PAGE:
As part of our continuing series on Canada and the BRICS countries, this month we feature our difficult and strained relationship with Russia, from the pre-Soviet era through the Cold War and into the post-USSR period of the past two decades. Our navigator through these troubled waters is Christopher Westdal, one of Canada’s former ambassadors to Russia. His views on our actual and potential relations with Vladimir Putin’s regime are challenging and counter-intuitive, to say the least.
Two of the best environmental journalists in the country lock horns in our current issue over the future of the planet. One of them is Andrew Nikiforuk, whose book The Energy of Slaves: Oil and the New Servitude paints a foreboding picture of the world’s hydrocarbon dependencies. The other is Alanna Mitchell, author of Sea Sick: The Global Ocean in Crisis, who reviews the Nikiforuk book for us and finds it sorely lacking in one essential quality: hope.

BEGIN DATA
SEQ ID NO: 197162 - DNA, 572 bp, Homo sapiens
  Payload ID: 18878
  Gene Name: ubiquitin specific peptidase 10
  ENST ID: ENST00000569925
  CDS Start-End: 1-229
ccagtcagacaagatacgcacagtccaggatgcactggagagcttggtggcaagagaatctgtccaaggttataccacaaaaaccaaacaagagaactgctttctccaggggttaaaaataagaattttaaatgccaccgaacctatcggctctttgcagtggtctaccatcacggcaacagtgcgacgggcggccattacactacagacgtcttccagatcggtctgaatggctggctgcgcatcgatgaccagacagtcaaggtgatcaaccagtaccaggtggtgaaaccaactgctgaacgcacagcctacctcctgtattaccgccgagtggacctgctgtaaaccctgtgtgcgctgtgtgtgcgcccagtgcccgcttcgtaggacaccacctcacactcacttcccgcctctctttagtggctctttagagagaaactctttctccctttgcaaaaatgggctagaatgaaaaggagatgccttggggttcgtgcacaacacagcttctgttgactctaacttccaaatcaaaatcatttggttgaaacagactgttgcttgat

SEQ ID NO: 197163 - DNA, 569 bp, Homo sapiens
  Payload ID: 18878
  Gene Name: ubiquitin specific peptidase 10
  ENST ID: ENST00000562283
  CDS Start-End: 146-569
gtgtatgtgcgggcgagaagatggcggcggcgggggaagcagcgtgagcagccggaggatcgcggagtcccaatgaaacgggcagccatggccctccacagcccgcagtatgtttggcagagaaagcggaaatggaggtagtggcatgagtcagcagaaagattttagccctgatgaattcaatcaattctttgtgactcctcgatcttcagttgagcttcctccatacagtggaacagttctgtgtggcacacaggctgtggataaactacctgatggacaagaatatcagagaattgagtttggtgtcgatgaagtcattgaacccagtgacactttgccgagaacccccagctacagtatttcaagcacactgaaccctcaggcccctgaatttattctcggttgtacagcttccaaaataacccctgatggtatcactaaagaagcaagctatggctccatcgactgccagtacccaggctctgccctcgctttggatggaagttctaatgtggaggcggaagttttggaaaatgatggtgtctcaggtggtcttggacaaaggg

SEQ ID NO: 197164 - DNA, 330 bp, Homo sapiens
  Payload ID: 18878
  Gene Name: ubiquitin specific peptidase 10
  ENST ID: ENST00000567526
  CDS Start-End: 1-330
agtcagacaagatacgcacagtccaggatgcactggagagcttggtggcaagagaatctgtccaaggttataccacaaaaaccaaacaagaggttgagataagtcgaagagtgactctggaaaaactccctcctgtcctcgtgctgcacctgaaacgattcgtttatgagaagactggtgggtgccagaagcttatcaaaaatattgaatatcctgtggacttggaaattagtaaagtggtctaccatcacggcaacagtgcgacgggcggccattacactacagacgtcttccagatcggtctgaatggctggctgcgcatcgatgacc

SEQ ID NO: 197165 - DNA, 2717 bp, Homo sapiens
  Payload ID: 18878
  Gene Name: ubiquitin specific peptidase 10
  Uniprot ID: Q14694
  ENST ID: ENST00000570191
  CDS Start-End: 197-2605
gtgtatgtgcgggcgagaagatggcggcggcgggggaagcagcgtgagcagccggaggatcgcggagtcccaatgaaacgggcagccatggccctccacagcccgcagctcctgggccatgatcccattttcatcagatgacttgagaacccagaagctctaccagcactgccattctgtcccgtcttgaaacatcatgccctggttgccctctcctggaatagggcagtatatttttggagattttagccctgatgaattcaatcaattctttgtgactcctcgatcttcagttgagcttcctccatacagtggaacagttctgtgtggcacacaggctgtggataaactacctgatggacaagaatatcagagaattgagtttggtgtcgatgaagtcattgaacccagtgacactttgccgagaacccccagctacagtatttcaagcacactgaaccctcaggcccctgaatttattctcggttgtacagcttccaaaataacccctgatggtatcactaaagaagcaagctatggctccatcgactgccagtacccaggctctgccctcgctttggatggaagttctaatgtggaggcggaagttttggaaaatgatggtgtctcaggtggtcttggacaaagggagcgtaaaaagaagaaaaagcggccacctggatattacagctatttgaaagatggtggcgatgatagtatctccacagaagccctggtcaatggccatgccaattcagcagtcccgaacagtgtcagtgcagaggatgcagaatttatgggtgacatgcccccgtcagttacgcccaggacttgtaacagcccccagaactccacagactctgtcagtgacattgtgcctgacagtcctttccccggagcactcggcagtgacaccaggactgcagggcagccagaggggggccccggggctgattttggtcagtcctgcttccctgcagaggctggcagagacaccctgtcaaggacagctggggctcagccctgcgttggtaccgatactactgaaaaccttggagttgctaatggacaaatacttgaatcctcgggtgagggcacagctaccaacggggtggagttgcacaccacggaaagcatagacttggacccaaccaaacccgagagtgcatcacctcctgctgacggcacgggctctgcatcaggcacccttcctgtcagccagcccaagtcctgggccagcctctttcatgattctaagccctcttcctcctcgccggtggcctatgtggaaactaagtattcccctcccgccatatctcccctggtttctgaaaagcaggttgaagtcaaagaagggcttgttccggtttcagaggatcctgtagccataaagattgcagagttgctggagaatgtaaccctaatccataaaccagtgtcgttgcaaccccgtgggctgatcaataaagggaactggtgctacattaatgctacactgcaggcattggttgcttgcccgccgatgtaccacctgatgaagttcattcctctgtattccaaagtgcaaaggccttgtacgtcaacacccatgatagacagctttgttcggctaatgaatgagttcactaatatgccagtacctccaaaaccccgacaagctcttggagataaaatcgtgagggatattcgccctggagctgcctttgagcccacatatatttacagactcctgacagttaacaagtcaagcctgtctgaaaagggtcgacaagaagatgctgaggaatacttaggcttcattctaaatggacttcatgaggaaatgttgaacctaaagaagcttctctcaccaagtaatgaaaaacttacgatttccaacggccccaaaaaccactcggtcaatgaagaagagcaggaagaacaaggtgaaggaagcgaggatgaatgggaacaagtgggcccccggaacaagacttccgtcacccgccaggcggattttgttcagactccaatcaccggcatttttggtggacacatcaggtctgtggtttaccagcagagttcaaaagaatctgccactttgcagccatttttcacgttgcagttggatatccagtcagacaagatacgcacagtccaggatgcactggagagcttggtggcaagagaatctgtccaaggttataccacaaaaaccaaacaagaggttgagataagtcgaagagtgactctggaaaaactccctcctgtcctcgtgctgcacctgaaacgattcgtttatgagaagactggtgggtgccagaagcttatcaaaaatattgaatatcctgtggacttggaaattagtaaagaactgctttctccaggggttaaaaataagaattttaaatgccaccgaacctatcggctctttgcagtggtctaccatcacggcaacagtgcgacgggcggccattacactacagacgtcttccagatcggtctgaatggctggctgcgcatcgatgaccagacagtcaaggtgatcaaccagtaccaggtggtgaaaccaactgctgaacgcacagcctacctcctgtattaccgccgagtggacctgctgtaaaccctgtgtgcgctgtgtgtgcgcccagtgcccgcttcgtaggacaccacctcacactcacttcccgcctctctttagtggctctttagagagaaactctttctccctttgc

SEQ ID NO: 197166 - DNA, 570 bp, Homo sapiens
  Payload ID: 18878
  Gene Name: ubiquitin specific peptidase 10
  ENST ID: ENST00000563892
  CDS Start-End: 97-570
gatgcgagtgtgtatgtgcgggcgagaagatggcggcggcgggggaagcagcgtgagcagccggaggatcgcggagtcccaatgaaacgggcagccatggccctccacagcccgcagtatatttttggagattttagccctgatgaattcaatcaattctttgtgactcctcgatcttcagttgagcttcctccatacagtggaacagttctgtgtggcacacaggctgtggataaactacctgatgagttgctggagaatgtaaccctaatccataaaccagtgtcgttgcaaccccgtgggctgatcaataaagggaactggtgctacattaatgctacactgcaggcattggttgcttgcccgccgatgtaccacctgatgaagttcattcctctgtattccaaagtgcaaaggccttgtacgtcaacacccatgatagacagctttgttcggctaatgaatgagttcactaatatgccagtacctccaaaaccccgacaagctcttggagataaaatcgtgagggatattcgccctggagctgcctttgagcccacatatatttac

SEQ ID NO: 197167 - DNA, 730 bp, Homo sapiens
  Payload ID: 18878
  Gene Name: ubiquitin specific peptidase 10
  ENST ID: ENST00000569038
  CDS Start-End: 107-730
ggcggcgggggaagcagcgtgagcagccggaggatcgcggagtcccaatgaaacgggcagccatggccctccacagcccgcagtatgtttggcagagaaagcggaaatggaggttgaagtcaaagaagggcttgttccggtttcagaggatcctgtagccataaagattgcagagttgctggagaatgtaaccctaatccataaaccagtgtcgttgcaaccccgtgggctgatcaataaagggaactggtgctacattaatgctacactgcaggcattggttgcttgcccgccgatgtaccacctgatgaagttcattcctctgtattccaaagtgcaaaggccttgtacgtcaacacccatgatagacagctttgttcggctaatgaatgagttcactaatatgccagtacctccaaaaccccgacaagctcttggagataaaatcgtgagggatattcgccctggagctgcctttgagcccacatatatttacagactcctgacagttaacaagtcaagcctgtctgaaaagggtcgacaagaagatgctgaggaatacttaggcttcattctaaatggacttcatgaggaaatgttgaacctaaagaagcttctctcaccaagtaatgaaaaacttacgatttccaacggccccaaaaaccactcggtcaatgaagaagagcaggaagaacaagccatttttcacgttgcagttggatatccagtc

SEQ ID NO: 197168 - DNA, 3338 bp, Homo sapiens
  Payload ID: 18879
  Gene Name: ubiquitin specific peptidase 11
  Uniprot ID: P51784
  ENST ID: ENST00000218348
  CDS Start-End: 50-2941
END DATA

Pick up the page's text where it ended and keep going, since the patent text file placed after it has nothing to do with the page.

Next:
And Dan Gardner, a stellar and provocative columnist with the Ottawa Citizen, reviews Oracles by Donald N. Thompson, an intriguing book about the collective wisdom of “prediction markets” – the aggregate of many individuals’ opinions about … well, about virtually anything upon which the market might want to hazard a guess. Since these prediction markets have such an uncannily good track record, why don’t companies and governments use them more often?
Some bracing fall reading from the LRC. Enjoy.
Bronwyn Drainie Editor